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Iraqi lawmaker may have link to '83 U.S. Embassy attack

February 07, 2007|Tina Susman | Times Staff Writer

BAGHDAD — U.S. officials said Tuesday that they were working with the Iraqi government to determine whether a member of parliament was a convicted terrorist who had been sentenced to death in Kuwait for involvement in bombing the U.S. and French embassies there in 1983.

The legislator, Jamal Jaafar Mohammed, was elected in December 2005 as a representative from Babil, a province south of Baghdad. Sheik Dhiauddin Fayadh, another legislator, said Mohammed was not aligned with any political party and had not been seen since late December of last year.

Iraqi officials refused to discuss the case, but U.S. officials in Baghdad and Washington acknowledged suspicions surrounding Mohammed and that they were working with Iraq to determine whether he was the same man convicted in Kuwait.

The Kuwait bombings in December 1983 struck the U.S. and French embassies, along with several other targets, leaving at least six people dead. An Iraqi Shiite Muslim by the name of Jamal Jaafar Mohammed was among those convicted and sentenced to death in absentia. He had fled before his trial.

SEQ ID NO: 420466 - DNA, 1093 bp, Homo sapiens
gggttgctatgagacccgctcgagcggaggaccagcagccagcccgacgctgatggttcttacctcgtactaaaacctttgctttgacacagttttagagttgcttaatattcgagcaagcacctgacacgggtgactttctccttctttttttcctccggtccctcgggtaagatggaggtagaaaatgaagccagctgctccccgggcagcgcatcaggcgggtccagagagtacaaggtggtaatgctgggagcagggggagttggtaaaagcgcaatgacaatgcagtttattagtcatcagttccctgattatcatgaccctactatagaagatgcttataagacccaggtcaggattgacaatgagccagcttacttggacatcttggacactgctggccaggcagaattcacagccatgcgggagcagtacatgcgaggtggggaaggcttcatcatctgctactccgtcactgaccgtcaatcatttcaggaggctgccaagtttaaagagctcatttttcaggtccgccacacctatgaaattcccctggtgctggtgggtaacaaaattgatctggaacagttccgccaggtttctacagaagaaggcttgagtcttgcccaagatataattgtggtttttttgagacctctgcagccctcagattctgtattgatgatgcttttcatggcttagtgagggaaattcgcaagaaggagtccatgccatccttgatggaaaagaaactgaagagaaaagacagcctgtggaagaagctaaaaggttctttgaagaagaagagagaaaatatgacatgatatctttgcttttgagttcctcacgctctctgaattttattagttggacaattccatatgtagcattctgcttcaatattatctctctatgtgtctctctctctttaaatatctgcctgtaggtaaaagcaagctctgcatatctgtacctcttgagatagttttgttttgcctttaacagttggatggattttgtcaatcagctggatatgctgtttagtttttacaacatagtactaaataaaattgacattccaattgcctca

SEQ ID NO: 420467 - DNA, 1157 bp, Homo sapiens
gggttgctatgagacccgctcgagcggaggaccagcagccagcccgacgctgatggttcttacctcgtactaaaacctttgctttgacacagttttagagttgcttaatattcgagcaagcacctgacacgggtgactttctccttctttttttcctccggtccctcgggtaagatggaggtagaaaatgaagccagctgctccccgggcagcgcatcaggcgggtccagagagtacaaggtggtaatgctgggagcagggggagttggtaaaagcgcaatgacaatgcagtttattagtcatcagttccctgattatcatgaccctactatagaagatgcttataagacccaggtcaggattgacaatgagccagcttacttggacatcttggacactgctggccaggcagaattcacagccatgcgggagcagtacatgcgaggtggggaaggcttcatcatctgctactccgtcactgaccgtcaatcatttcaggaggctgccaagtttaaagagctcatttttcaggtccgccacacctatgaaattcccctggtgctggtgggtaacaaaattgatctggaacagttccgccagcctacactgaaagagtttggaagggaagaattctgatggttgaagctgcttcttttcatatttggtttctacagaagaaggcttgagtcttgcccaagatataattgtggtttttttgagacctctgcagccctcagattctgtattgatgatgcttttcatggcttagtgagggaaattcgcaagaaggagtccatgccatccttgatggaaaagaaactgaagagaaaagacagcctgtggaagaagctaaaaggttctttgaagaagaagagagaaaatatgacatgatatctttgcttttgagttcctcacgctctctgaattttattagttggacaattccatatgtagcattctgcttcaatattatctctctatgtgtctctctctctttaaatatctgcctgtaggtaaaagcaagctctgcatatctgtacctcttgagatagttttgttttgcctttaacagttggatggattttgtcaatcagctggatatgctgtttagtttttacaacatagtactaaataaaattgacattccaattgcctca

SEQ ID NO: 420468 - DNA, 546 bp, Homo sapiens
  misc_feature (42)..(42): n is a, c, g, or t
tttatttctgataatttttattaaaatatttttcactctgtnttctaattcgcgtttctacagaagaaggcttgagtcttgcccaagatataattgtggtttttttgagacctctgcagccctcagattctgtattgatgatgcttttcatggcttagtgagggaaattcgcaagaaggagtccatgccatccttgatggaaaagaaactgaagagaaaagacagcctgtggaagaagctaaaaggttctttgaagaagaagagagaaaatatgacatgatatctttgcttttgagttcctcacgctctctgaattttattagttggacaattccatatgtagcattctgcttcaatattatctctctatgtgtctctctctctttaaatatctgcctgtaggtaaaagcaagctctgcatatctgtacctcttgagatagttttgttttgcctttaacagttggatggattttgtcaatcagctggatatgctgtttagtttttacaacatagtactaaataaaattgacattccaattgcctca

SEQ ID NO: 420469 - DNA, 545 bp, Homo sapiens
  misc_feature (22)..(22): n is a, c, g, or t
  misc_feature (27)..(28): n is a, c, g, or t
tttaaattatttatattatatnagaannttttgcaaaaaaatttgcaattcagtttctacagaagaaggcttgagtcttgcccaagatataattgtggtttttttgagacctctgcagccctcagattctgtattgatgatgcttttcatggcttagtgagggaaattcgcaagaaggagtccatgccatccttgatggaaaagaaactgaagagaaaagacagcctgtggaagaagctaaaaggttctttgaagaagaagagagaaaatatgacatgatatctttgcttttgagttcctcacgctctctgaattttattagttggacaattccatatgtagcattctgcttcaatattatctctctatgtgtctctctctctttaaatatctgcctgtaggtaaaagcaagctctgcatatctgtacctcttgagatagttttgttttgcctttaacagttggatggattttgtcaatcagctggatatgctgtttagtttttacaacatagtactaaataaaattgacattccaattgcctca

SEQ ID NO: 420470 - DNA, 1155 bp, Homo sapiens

"We are actively investigating these serious allegations and continue to be in close contact with the government of Iraq to pursue this case," said Lou Fintor, the U.S. Embassy spokesman in Baghdad.

A U.S. counter-terrorism official, who spoke on condition of anonymity because he was not authorized to discuss such matters, said U.S. diplomats had notified Iraqi leaders of their concerns about Mohammed.

"The sense I've got is that this is something that has been known, that there have been suspicions about this guy," the official said.

Ultimately, he said, the Iraqi government would have to decide how to deal with Mohammed.

Iraqi Prime Minister Nouri Maliki told CNN in an interview Tuesday that he would not let his government "be a shelter for outlaws and wanted people."

susman@latimes.com

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Times staff writers Raheem Salman in Baghdad and Josh Meyer in Washington contributed to this report.

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